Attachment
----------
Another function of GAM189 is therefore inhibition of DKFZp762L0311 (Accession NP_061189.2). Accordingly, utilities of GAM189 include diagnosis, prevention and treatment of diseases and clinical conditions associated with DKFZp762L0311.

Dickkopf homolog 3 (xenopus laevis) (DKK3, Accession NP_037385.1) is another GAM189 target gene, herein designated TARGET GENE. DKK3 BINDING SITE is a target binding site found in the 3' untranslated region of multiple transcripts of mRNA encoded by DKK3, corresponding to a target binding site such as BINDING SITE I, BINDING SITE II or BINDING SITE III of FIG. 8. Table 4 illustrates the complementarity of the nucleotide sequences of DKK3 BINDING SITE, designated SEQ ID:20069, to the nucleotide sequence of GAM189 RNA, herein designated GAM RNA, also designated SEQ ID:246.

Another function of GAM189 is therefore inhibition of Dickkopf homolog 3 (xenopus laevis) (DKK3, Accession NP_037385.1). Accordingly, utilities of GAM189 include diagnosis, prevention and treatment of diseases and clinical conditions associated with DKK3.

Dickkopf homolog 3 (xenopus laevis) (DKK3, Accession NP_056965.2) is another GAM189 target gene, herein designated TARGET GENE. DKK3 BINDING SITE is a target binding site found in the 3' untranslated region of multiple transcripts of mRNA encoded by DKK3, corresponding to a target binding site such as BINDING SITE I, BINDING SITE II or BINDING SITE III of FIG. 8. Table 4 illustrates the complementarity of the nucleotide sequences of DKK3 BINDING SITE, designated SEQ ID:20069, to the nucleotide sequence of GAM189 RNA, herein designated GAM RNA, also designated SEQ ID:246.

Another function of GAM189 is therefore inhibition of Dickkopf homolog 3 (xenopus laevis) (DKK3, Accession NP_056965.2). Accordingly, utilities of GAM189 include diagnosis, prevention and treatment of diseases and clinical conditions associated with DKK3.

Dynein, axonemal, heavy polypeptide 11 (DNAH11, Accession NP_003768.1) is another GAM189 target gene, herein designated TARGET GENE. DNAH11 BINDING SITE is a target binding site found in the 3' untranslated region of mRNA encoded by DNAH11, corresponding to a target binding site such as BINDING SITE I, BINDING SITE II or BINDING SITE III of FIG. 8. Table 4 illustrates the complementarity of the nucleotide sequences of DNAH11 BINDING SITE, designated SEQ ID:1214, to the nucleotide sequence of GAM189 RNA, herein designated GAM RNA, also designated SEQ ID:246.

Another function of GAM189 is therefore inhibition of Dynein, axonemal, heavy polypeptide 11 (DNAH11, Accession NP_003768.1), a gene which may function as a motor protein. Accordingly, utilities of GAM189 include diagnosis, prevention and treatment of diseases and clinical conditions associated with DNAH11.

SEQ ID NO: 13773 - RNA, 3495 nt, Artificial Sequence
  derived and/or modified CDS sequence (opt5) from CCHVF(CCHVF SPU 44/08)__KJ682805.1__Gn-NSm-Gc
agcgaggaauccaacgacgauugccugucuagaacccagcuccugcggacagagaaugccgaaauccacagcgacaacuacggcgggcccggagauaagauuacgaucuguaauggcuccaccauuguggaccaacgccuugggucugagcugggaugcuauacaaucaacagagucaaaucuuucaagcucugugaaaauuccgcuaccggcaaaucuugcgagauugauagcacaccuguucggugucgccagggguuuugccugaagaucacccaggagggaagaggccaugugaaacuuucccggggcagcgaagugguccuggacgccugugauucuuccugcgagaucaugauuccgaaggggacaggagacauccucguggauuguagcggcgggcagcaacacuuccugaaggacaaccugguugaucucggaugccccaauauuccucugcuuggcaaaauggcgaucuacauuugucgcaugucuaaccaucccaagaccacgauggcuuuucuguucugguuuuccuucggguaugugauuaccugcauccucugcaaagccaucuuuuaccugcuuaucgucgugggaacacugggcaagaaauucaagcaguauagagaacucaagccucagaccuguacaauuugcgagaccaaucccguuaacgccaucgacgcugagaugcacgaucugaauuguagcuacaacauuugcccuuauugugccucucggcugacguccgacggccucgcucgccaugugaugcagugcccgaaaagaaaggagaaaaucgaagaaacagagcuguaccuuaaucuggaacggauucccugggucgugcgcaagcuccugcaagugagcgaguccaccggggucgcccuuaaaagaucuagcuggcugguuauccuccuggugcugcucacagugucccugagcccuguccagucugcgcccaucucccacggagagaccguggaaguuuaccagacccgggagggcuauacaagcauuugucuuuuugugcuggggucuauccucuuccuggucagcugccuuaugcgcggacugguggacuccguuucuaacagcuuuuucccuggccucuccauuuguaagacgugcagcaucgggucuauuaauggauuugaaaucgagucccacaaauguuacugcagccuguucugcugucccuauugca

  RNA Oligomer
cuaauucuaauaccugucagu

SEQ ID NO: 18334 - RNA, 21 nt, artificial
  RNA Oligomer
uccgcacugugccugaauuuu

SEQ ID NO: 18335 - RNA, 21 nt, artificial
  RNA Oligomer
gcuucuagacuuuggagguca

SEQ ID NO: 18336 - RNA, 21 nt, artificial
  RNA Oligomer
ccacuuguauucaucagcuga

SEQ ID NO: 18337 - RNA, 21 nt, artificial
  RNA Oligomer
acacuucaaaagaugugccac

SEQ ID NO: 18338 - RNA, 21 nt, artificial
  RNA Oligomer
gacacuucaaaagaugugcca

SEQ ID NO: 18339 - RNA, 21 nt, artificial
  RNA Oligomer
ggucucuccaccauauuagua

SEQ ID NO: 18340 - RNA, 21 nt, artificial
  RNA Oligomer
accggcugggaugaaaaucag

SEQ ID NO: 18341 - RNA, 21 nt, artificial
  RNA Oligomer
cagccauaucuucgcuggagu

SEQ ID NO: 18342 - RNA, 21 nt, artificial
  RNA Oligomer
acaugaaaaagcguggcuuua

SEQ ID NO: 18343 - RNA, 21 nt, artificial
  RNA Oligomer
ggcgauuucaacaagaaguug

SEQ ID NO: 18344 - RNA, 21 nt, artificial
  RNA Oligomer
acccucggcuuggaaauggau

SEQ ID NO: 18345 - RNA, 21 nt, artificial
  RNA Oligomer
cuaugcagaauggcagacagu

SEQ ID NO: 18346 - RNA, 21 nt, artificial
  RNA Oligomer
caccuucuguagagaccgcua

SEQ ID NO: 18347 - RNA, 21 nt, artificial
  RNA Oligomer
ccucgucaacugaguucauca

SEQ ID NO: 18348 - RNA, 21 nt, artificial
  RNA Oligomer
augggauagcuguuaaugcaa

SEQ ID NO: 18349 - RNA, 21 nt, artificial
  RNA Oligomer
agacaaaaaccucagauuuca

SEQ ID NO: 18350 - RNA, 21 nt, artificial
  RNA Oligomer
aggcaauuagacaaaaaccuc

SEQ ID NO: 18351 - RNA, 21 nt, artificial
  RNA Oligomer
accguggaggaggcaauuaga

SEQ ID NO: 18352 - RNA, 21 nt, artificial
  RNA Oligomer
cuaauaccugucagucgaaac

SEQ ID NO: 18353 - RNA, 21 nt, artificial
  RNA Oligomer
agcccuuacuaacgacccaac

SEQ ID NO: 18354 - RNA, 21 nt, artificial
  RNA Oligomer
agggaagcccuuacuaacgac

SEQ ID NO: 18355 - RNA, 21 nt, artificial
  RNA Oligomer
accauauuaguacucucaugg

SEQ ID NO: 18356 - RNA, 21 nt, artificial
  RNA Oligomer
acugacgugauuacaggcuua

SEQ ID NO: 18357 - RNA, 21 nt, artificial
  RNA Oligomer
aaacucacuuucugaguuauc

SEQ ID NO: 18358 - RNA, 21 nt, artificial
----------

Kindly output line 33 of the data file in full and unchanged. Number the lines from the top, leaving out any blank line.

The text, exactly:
accggcugggaugaaaaucag